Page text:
By Elsa Tranter
Photo Credit: Steve DiBartolomeo
In the continuation for a second year of the centennial of Leonard Bernstein’s birth, San Francisco’s Opera Parallele and SFJAZZ teamed up this week for a world premiere production that combines Bernstein’s 1951 one-act opera “Trouble in Tahiti” with Jake Heggie’s 2005 work “At the Statue of Venus”. It was an altogether satisfying afternoon of music and theater.
The afternoon began with a prelude of Bernstein orchestral music from “West Side Story”, as the stage was transformed into a museum, with 1950s patrons stopping to admire the statue of Venus. One of those was the dashingly dressed Sam, singing ‘Something’s Coming…’ in a compelling baritone voice. We knew that ‘something’ was coming for us too. With that, Venus, in the persona of the lithe Steffi Cheong, a member of a number of Bay Area dance companies, came to life to dance ‘The Unanswered Question’, the music of Charles Ives.
Following her return to her statued position, a woman, Rose, entered the museum to wait for a blind date ‘at the Statue of Venus’. The role was sung superbly by American mezzo-soprano Renée Rapier, who has had many roles in San Francisco as well as at LA Opera, Dallas Opera and elsewhere. Her emotions ran the gamut from self-deprecation (why did I wear slacks) to rhapsodizing about finding her true love and living happily ever after with him. It was a brilliant monologue, written by the Tony-Award winning playwright Terrence McNally (who also wrote the libretto for the opera ‘Dead Man Walking’ with composer Jake Heggie). The music was timeless in its beauty, modern without being distractingly so, and very accessible; and Ms Rapier’s voice was up to the challenge; her acting skill well-balanced her lustrous voice. One ached for her throughout the performance, while alternately laughing at the humor in the lyrics. It was a show-stopper of a performance. And, at the very end, Sam, Kyle Albertson, the man who earlier had sung ‘Something’s Coming’ finally appeared and they shook hands. This piece, not really an opera, was commissioned for the opening of Opera Colorado and was written with Renée Fleming in mind (although she did not sing at its premiere). In its original performance, it was a piece for mezzo-soprano and piano; the orchestration came later.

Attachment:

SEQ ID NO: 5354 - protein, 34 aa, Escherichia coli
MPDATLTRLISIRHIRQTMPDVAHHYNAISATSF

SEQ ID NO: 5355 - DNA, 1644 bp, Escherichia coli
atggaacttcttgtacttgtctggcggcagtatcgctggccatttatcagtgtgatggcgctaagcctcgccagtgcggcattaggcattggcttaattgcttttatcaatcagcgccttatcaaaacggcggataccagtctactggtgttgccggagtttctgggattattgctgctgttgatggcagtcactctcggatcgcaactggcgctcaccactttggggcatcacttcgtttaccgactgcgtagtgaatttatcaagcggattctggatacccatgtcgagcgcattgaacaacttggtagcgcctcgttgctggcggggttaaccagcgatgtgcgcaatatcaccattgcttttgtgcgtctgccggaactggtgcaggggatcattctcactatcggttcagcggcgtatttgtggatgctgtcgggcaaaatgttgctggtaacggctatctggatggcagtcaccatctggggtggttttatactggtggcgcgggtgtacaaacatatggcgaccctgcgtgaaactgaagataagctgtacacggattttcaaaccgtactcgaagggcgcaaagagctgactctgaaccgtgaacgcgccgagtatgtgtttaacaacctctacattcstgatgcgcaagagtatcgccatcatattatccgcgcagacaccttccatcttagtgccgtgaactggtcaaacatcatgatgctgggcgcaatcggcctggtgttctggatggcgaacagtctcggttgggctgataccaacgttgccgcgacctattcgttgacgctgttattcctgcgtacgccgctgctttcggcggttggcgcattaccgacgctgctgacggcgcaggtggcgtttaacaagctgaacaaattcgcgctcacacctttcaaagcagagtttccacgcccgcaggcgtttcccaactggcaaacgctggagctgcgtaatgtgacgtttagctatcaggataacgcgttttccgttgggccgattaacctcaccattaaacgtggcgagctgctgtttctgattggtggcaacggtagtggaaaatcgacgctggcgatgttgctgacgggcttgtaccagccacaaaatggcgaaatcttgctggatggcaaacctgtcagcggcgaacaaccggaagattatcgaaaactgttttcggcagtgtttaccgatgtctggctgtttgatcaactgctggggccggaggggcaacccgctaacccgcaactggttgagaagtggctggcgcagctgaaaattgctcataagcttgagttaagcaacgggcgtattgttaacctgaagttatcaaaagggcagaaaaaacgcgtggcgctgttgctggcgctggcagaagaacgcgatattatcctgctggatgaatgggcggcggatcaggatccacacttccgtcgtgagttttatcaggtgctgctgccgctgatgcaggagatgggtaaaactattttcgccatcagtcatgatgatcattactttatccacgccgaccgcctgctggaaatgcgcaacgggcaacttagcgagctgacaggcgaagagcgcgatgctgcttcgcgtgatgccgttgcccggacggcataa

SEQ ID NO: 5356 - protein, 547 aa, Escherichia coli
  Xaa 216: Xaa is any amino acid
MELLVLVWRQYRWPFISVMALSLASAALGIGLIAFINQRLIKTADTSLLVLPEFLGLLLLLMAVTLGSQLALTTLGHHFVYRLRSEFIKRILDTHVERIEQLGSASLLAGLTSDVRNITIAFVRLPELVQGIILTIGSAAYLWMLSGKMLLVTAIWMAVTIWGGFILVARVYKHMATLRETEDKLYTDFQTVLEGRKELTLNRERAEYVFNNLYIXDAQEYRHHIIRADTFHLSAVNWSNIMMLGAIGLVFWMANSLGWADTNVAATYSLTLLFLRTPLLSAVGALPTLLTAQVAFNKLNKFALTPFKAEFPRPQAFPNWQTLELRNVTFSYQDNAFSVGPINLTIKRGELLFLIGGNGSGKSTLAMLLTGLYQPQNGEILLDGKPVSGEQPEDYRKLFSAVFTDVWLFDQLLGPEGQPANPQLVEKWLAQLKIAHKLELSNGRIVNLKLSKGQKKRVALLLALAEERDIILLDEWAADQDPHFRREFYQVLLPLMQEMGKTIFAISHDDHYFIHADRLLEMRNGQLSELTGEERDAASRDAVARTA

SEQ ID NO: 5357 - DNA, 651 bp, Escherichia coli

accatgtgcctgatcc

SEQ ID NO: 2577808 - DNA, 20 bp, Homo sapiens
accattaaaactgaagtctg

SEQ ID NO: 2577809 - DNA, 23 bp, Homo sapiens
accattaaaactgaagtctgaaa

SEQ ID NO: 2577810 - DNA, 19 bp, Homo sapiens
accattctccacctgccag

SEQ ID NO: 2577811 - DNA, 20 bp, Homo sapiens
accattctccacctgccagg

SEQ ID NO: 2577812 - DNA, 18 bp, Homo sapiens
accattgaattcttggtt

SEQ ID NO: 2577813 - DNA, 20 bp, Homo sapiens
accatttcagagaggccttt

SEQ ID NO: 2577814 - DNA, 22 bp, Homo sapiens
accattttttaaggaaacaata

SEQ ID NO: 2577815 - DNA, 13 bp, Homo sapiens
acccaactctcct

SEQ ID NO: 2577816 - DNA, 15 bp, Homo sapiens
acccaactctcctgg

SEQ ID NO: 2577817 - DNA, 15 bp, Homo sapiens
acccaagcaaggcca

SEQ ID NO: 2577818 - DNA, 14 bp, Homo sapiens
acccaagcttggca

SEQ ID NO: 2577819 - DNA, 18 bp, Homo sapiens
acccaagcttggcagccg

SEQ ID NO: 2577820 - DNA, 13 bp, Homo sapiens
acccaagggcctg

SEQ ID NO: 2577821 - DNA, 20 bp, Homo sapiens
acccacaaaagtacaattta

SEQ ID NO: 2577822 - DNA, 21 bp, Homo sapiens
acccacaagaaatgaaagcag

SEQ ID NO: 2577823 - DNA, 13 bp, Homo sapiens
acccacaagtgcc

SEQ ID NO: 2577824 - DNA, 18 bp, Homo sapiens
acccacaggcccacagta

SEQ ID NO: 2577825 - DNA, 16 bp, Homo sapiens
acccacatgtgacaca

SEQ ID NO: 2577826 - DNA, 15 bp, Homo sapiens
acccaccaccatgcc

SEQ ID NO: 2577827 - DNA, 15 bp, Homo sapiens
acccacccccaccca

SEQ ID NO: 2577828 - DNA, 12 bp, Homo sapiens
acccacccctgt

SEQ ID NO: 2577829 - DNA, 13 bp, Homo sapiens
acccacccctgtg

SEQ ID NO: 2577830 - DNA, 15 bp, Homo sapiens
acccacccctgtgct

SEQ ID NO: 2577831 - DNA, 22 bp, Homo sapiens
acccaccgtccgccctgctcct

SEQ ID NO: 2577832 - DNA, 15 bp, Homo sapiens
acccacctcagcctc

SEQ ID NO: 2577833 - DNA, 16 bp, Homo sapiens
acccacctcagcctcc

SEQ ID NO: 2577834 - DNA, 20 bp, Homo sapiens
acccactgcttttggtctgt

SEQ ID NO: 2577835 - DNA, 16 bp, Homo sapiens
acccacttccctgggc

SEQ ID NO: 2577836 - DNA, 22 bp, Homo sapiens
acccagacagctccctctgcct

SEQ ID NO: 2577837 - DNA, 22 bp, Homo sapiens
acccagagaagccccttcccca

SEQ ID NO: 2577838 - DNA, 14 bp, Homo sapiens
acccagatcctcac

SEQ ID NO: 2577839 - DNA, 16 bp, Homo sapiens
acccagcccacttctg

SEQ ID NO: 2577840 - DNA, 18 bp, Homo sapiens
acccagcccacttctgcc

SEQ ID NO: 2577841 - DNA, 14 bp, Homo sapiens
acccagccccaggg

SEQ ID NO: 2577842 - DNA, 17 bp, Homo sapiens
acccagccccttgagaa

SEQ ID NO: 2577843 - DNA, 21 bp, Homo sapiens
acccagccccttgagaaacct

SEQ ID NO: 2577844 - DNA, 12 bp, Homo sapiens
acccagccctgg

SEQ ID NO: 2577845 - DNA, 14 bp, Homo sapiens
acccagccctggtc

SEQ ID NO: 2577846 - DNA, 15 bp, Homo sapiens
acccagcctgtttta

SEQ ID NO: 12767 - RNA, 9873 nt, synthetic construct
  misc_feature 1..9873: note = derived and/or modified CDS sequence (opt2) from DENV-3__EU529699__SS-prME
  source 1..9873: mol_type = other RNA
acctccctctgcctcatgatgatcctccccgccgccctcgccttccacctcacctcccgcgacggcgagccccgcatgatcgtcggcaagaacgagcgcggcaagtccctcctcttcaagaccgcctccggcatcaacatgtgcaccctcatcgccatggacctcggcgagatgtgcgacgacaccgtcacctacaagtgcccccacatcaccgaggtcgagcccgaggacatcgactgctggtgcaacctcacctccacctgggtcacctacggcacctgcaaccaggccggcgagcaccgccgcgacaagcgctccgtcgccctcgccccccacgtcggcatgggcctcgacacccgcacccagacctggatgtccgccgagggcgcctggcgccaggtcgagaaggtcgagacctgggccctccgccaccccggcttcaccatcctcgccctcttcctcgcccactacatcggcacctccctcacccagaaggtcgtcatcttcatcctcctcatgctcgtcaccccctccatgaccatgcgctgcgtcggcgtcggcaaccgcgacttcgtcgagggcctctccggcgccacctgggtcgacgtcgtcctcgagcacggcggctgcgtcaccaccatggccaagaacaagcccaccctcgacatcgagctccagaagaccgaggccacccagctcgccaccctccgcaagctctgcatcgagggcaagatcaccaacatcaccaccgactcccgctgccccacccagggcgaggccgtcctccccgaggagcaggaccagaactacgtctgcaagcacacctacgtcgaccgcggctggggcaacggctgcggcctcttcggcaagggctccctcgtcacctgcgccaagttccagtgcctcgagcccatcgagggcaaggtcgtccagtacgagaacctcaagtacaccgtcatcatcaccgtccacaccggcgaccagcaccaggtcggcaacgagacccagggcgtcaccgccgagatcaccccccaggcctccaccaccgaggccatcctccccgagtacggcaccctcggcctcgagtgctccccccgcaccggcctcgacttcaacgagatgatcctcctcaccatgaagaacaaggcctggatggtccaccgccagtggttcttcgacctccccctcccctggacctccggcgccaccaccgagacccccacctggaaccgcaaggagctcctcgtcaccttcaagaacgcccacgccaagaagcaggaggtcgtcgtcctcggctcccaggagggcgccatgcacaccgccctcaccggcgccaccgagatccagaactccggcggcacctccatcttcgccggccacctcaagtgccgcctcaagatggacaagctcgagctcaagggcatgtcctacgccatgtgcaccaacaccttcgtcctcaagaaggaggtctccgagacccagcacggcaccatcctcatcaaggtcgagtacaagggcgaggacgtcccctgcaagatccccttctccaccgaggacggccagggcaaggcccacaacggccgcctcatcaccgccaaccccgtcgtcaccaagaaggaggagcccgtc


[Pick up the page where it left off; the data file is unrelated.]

At intermission, most of us stayed in our seats because on the overhead screen there appeared the middle-aged Leonard Bernstein, giving one of his famous Norton Lectures at Harvard University in 1973 on the subject of ‘The Unanswered Question’ (the Ives piece we had heard danced to): music plus linguistics, poetry, philosophy and other related subjects. The lecture continued through the whole intermission, while the set was changed from museum to suburbia on a rotating Lazy Susan (so 1950s) which included the kitchen, the office, and the gym. And it had to compete with the orchestra tuning up – all a bit surreal but entertaining.
Act II “Trouble in Tahiti”, Bernstein’s only foray into writing both words and music, featured the same couple, she now called Dinah, he still called Sam, perhaps 10 years later, when the blush was certainly off the rose of their marriage. Dinah and Sam’s duets, almost simultaneously humorous and heart-breaking (especially for someone who has been through the ups and downs of marriage) were stunningly performed by Ms. Rapier and Mr. Albertson, an American baritone who has sung at the Metropolitan Opera as well as San Francisco and Lyric Opera of Chicago. Their body language, their acting, their voices, were perfectly matched and conveyed the gamut of emotions. In addition to the clever revolving set, there were mix media screen montages reminiscent of the 50s, combining to make the most of the limited space, and their clothes (especially hers) were perfect for the 1950s. Added to the performance was the jazzy trio of soprano Krista Wigle, tenor Andres Ramirez, and baritone Bradley Kynard. Their ‘Greek chorus’ comments were right on the money and they sang beautifully in a period style.
Nicole Paiement, artistic director and founder of Opera Parallele conducted a briskly paced performance with an excellent 22 piece orchestra. Creative Director Brian Staufenbiel assisted by Amy Seiwert, choreographer, David Murakami projection designer, Christine Crook, costume designer, Dave Dunning, scenic designer and Matthew Antaky, lighting designer, pulled off a miracle, getting so much in the small space of SFJAZZ. It was a rich and fulfilling afternoon. Bravi tutti! Alas, there are no more performances.
Elsa Tranter is a Bostonian who has lived in Berkeley for over 40 years and has been an opera goer for most of those years. She worked as a graduate student adviser at UC Berkeley and still attends Cal Performances regularly. Her favorite composer is Wagner and her favorite opera is Tristan und Isolde.